The lights are on
Veteran Member - Level 13
A return to the post-apocalyptic world of the Fallout universe is always welcome. Fallout 3 was such a phenomenal game that people were waiting anxiously for Fallout: New Vegas as soon as it was announced. While such enthusiasm was dampened a little when it was revealed that Bethesda was only publishing the game, and that Obsidian would be making it, people were still generally looking forward to it. I know I was.
Which is why I was saddened when it didn't grip me like the previous game did.
The basic premise of the game is that you're a courier who's been betrayed and gunned down in the wasteland outside the brightly-lit city of New Vegas, which largely survived the apocalypse. You're retrieved by a robot named Victor, and nursed back to health by a good doctor in the town of Goodsprings. Thus begins a quest to find out who had you murdered, and what you were carrying in that package that you were killed for. Along the way, you'll be caught in a 3-way conflict between the New California Republic, Caesar's Legions, and the mysterious Mr. House, who seems to run New Vegas.
The engine used in Fallout: New Vegas is a modified version of the one used in Fallout 3, so it looks beautiful. The Mojave Wasteland isn't as varied as the Capitol Wasteland, but it has much more distinct terrain, with mountains and large, impenetrable hills that make navigation confusing at times. The bright lights of New Vegas (when you finally get there) are a sharp contrast to all of the desolation you've been traipsing through before. Sadly, graphical glitches can be quite common, marring what would otherwise be a major strength of the game. There's way too much clipping, and getting stuck in a piece of terrain, unable to move, can be a truly frustrating experience. Save often!
The combat system is much the same as the previous game, with the VATS system still making it easier for those who don't have good trigger fingers. You can still press the handy RB button and call up a display of your target, along with percentage chances to hit. I did find it easier to play without the VATS than it was in Fallout 3, but VATS was still much preferred.
There are a few changes, though. In addition to the normal weapons that you can find/buy, you can also get weapon modifications that add to combat bonuses, or increases to ammo, that are easily applied to your weapon. This can help a great deal, and is a wonderful addition to the game.
The character system is much the same too, with additional perks to add as you level up, and skills to increase. Some of the perks seem pretty useless, but it depends on your play style whether you'll find the new additions handy or not. One major change, that I didn't realize at first, is that skill books now only offer temporary additions to your skills, and they are not cumulative. There are some books that will give more modest, but permanent increases to your skills, but these are few and far between. You'll find yourself hoarding skill books to use when the situation warrants them. After initially really hating this change, I found that it grew on me.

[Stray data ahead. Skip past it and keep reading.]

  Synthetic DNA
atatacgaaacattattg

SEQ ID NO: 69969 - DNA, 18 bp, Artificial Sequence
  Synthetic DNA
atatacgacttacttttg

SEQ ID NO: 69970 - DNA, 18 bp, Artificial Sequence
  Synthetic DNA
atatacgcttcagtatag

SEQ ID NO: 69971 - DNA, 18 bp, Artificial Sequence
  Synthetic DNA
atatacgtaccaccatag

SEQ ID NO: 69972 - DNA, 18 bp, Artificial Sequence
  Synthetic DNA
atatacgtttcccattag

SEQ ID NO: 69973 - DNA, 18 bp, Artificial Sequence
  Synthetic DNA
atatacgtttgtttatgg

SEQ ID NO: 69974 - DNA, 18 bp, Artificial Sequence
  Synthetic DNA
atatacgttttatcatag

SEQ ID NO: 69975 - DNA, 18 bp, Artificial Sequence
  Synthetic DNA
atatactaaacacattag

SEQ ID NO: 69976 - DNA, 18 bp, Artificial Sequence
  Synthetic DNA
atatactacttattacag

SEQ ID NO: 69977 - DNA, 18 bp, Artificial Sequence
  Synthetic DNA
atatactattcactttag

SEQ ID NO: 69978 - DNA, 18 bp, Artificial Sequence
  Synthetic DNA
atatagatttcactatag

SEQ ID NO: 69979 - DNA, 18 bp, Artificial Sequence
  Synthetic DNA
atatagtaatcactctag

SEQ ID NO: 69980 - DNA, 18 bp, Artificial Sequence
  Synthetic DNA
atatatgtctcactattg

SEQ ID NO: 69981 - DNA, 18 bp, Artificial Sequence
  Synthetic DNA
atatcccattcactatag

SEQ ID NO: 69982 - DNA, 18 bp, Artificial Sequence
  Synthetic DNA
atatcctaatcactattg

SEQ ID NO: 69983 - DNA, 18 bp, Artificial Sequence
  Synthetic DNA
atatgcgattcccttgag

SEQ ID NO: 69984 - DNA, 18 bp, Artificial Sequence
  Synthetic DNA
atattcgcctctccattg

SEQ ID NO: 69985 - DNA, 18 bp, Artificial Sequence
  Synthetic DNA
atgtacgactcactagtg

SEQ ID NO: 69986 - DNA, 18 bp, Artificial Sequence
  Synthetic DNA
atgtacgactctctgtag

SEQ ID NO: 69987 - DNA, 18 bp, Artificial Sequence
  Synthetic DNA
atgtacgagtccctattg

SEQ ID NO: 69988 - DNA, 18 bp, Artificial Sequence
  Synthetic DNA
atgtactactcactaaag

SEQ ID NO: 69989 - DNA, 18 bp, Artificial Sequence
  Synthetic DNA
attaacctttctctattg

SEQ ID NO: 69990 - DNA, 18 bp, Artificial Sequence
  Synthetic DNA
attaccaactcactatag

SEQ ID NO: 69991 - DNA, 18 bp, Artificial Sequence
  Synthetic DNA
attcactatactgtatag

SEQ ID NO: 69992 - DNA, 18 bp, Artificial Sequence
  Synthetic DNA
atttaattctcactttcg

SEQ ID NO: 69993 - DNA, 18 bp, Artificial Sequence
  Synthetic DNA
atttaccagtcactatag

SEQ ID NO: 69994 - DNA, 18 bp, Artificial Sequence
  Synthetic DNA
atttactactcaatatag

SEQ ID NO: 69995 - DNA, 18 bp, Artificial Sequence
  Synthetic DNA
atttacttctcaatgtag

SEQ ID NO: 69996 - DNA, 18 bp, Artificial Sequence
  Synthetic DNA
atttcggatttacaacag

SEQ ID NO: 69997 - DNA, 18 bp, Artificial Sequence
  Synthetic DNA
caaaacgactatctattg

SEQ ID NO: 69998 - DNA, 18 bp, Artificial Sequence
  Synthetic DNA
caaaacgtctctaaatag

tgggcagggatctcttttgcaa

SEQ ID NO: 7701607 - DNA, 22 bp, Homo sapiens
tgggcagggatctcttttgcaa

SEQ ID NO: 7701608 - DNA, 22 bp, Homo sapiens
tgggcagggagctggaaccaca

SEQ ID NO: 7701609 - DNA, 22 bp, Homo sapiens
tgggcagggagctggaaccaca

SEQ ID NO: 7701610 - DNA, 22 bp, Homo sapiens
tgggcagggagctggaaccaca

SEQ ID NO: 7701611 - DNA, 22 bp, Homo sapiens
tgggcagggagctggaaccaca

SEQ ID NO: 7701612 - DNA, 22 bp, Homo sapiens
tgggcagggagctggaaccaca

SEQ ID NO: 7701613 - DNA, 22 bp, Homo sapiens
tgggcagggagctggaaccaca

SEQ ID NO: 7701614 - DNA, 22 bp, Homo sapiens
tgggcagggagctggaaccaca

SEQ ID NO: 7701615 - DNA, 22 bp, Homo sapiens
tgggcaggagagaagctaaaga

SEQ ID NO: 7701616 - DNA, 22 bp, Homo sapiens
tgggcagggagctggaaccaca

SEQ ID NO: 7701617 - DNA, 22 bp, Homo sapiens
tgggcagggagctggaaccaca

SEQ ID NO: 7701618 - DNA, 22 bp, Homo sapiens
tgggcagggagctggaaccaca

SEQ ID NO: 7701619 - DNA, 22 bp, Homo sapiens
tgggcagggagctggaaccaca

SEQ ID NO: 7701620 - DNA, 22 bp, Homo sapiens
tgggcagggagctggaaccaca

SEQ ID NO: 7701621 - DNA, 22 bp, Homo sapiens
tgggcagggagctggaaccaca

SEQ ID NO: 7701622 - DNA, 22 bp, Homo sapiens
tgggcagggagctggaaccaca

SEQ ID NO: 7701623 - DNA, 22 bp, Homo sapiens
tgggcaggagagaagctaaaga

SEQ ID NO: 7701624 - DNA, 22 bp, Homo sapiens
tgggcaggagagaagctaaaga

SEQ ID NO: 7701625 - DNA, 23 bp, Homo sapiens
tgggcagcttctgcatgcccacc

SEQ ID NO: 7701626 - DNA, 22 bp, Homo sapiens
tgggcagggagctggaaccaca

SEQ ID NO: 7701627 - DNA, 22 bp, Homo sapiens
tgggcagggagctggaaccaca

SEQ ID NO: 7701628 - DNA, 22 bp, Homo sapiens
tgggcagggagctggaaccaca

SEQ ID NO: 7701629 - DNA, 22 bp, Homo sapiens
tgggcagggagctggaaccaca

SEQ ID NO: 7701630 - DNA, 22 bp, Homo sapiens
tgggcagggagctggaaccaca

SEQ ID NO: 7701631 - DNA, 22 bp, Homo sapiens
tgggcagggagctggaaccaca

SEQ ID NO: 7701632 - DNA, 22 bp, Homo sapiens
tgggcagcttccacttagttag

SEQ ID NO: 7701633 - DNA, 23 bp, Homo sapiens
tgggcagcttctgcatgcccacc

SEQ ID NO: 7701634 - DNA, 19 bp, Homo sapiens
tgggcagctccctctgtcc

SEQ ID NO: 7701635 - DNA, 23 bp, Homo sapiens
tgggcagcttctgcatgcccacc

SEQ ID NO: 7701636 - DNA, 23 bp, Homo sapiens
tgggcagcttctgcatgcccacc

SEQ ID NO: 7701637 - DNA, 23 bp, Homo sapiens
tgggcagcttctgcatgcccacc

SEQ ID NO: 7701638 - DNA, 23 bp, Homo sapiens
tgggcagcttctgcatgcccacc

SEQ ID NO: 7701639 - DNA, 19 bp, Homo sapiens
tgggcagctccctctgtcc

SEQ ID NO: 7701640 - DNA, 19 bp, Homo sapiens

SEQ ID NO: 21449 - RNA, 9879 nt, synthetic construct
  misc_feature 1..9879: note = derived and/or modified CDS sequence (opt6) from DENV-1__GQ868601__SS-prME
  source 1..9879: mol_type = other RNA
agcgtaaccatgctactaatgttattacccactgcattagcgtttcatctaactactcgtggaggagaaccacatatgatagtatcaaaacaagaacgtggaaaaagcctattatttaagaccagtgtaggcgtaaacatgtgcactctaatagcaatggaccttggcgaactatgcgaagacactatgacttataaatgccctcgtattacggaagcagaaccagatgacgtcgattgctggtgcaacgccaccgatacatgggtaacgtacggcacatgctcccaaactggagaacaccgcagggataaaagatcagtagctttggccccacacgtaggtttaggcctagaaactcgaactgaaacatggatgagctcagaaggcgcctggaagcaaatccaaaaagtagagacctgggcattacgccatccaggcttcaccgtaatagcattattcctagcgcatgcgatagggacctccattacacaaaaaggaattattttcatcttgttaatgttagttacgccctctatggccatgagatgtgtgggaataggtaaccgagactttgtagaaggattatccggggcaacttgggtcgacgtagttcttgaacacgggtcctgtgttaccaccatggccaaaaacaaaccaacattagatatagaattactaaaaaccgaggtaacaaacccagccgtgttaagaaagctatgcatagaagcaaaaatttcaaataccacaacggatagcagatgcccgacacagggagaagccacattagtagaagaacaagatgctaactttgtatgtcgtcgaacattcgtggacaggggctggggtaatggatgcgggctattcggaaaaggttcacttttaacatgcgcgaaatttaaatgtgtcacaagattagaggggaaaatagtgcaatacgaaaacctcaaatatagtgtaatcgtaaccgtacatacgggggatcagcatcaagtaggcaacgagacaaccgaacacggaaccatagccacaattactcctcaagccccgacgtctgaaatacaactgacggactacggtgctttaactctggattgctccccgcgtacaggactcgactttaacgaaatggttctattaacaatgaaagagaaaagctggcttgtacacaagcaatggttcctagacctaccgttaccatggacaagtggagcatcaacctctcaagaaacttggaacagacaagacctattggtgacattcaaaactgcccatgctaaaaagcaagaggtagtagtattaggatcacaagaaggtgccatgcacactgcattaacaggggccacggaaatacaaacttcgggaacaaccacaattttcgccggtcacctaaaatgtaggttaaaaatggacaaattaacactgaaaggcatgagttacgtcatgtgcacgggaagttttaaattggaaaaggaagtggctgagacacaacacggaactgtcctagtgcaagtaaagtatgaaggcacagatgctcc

The core of any Fallout game, however, is the story and the side quests. That's what is hit and miss about Fallout: New Vegas. The over-arching story is pretty good, with you making your way to New Vegas to find Benny (the guy who shot you) and meet up with Mr. House. Along the way, you'll find yourself allying with either the New California Republic or with Caesar's Legions (the truly evil guys who like to crucify people) as you wander the Wasteland and generally help people (or hurt them, if you're that type of player).
There are other factions in the Wasteland as well, and you'll gain or lose reputation with all of them as you do things that they either like or dislike. This is a great addition, though I found it a bit too easy to get everybody to like me except for the Legions.
The story has big branches, so you'll never experience everything in one playthrough. There are three different endings, depending on who you ultimately side with, and a fourth where you end up siding with nobody. I like that aspect.
Unfortunately, the side quests just aren't as interesting, and they start to become tedious after a while. The urge to race through the game once I was half-way done says something about how much the game gripped me: it didn't. It didn't help that there are areas that you can't fast-travel to, and many of the side quests are the basic "go do something/deliver something for me and then come back and I'll give you something else to do" type of quests.
Once again, you can have companions to help you out on your trek. Using companions is a lot easier this time with the introduction of the "companion wheel," which allows you to give quick orders ("wait here," "be more aggressive," "take a stimpak") and also do inventory swapping without you having to talk to them first. You can also have two companions instead of just one.
If you're really serious, you can try playing in "Hardcore" mode, where you have to pay attention to things like dehydration and sleep, stimpaks and Radaway heal you over time rather than instantaneously, and limbs can only be fixed with a Doctor's Bag or with a Hydra chem. This mode is only for those experts who want a *real* challenge.
Finally, the addition of gambling to the game (hey, this is Vegas!) is quite nice. It was easy to lose myself in games of Blackjack, or other casino games, before getting back to the story. There's usually at least a small casino in every major town, especially on the outskirts of New Vegas.
Fallout: New Vegas is a fun game, and a welcome return to the Fallout universe. But glitches and a storyline that gets tedious after a while (unless you just race through the main story) make the game feel like the welcomed guest that just won't leave when it's time to say good night.
(This review can also be found on Dave's Video Game Revue)